Stephen Mandel

From Wikipedia, the free encyclopedia
Jump to: navigation, search
This article is about the Canadian politician. For the American astronomer, see Steve Mandel. For the hedge fund manager, see Stephen Mandel (hedge fund manager).
Stephen Mandel
2013-05-21 Stephen Mandel.jpg
Stephen Mandel on May 21, 2013, announcing plans to retire as Mayor of Edmonton
Minister of Health in the Alberta Government
In office
September 15, 2014 – May 24, 2015
Preceded by Fred Horne
Succeeded by Sarah Hoffman
MLA for Edmonton-Whitemud
In office
November 17, 2014 – May 5, 2015
Preceded by Dave Hancock
Succeeded by Bob Turner
34th Mayor of Edmonton
In office
October 26, 2004 – October 29, 2013
Preceded by Bill Smith
Succeeded by Don Iveson
Edmonton City Councilor Ward 1
In office
Preceded by Leroy Chahley
Succeeded by Linda Sloan
Personal details
Born (1945-07-18) July 18, 1945 (age 70)
Windsor, Ontario, Canada
Political party Progressive Conservative Association of Alberta
Spouse(s) Lynn Mandel
Alma mater Lincoln College
Miami University
University of Windsor
Profession Businessman
Religion Judaism

Stephen Mandel (born July 18, 1945) is a Canadian politician and the former Minister of Health in the Alberta government. Previously, he served as mayor of Edmonton, Alberta from 2004 to 2013. He was elected to three terms as mayor, in 2004, 2007, and 2010, after sitting on council as a councillor for three years.

On September 15, 2014, he was appointed to the provincial cabinet of Premier Jim Prentice as Minister of Health, despite not holding a seat in the Legislative Assembly of Alberta.[1] He was subsequently named as the Alberta Progressive Conservative Party's candidate in a by-election in Edmonton-Whitemud,[2] the seat formerly held by Dave Hancock, which has been scheduled for October 27, 2014.[3] He ran and was defeated in the election on May 5, 2015.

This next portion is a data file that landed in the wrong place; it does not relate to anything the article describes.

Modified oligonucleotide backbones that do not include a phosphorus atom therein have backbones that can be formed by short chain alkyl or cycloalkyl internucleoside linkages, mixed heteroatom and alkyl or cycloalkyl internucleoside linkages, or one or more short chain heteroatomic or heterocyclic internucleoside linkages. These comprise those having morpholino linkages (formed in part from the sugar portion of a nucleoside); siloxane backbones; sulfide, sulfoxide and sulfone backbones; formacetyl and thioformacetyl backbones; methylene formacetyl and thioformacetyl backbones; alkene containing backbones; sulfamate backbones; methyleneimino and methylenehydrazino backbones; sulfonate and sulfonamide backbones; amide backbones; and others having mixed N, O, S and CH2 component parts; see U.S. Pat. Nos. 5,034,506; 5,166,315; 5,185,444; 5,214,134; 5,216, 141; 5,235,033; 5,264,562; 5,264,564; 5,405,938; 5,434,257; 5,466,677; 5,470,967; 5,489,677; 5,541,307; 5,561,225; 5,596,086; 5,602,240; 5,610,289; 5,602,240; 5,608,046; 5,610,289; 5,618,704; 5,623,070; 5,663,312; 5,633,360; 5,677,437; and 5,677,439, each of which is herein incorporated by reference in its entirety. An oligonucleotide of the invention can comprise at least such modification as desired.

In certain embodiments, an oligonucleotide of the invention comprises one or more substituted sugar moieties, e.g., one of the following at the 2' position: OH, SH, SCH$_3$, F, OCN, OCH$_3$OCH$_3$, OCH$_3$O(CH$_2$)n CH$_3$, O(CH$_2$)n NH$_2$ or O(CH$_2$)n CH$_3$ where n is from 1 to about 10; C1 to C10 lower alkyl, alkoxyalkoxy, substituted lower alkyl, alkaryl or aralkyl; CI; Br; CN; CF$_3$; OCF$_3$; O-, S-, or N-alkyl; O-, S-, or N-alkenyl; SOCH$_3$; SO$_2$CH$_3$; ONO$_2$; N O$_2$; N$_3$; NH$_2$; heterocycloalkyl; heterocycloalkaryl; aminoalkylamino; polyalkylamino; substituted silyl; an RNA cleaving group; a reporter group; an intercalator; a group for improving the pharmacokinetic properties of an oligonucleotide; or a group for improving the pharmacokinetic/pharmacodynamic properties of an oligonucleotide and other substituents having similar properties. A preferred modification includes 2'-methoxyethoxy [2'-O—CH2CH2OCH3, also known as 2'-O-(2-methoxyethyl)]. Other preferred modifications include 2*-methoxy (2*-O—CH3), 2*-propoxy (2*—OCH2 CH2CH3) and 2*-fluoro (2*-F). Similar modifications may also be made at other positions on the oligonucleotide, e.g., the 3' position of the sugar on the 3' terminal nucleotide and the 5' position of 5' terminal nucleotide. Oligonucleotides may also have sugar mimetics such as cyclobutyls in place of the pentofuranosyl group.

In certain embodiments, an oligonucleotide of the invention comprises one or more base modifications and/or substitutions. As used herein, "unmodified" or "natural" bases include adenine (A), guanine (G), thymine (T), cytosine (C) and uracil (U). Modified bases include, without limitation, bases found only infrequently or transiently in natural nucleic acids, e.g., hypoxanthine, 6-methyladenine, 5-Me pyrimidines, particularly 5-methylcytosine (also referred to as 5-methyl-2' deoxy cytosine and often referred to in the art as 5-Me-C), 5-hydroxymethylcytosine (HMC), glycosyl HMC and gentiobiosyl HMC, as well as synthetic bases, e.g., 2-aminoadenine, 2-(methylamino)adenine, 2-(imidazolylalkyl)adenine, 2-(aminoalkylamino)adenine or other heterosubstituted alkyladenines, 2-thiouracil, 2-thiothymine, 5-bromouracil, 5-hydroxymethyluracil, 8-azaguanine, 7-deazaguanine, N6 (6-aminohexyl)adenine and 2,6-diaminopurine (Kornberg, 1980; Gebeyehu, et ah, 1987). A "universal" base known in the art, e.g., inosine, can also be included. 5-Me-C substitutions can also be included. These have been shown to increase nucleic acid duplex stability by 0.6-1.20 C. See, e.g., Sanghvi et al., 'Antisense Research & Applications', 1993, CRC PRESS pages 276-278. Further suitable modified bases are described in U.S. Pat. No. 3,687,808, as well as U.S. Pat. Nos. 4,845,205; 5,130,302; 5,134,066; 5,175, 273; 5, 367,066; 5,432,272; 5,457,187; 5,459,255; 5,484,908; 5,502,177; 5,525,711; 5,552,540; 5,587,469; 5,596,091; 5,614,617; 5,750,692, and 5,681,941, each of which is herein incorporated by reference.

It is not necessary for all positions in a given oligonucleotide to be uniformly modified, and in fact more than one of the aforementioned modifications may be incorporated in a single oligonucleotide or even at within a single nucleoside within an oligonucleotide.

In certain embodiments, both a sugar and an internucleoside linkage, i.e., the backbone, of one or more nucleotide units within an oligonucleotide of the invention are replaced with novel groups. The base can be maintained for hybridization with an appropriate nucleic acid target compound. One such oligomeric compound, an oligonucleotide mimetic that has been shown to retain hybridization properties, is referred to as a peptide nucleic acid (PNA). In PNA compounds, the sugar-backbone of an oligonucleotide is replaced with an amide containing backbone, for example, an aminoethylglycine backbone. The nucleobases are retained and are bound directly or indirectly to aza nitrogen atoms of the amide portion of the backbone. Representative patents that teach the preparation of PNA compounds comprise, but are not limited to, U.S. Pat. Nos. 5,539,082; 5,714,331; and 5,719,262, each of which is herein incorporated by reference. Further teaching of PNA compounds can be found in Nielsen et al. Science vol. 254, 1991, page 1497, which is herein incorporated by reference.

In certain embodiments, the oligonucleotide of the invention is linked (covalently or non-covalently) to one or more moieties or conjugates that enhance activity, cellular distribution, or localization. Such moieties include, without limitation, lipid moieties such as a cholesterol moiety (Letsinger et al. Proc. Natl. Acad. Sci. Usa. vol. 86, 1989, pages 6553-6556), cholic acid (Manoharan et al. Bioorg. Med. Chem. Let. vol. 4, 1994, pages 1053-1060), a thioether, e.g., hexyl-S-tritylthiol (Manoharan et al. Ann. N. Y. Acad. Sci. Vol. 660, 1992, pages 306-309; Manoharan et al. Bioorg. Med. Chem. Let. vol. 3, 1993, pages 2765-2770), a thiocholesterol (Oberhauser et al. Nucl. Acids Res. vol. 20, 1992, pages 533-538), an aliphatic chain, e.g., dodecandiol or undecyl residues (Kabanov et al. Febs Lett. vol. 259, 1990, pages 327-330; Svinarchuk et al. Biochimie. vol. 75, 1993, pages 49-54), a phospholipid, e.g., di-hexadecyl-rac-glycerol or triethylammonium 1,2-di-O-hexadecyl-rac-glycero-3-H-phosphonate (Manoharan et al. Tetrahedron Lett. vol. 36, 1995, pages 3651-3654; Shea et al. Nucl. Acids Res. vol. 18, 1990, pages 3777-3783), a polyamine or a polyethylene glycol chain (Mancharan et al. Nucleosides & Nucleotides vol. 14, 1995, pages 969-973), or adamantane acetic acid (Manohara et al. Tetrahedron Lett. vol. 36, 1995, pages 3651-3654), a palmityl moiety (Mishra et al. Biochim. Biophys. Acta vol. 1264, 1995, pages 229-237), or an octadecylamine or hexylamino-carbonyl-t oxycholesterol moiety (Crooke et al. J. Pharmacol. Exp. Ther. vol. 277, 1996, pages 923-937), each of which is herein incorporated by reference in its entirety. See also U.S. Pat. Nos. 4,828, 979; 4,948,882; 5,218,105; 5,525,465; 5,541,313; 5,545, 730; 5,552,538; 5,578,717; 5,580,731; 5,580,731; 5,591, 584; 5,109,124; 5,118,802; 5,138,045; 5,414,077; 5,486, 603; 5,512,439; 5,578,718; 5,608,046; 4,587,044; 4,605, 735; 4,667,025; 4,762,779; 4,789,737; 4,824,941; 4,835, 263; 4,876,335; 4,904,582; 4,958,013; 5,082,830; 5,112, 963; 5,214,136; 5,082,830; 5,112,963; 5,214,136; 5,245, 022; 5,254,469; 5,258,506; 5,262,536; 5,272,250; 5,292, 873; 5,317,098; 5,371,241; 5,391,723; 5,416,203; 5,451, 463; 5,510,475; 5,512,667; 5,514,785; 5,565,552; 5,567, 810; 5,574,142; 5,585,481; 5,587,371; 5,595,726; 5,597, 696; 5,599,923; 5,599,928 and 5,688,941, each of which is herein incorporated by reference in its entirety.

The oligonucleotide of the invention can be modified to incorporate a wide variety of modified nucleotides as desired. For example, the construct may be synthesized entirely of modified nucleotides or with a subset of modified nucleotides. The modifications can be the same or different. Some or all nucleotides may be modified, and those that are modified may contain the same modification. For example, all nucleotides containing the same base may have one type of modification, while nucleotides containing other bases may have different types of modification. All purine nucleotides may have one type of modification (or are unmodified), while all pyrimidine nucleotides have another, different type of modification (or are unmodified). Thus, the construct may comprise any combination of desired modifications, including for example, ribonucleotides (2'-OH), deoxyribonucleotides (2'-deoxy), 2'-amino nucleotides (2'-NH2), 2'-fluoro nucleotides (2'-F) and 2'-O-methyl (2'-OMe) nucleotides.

Mandel received an associate of arts degree from Lincoln College in Lincoln, Illinois, a bachelor of science in business administration from Miami University, and his masters in political science from the University of Windsor.

He moved to Edmonton in 1972 from Windsor, Ontario.[4]

Mandel owns the Strathcona County’s Lakeland Village mobile home park.[5]

Mandel was active with promoting the city's arts and festival scene. He is also an active volunteer with the city's local Heart and Stroke Foundation and with several local Jewish organizations.

Political career[edit]

Prior to being elected to city council, Mandel ran unsuccessfully for school trustee[6] He was first elected to the Edmonton City Council in 2001 as a councillor for Ward 1. In 2004, he became mayor by defeating Edmonton's three-term mayor, Bill Smith.[4] Mandel credits his successes to the hard work and spirit of cooperation of his council.[7] Mandel resigned as Mayor of Edmonton on October 29, 2013.[8][9]


Public Works[edit]

Mandel's city council was responsible for many infrastructural achievements: expansion of the LRT lines, the construction of a new arena for the Edmonton Oilers.[10]

After years of public consultations since 2008, the city approved a plan gradually decommission the City Centre airport by implementing the City Centre Redevelopment Plan. The City Centre Redevelopment Plan aims to mitigate urban sprawl by redeveloping the aging and costly City Center Airport [11] into a sustainable 300 acre inner city neighbourhood anticipated to accommodate 30,000 residents.[12][13]

According to sporting organization 'SportAccord', the city has a Silver class partnership with the convention, enabling Edmonton to host many world classed events awarded during the Mandel administration.[14] The city is one of six host cities of the 2015 FIFA Women's World Cup.[15]

Edmonton Downtown arena[edit]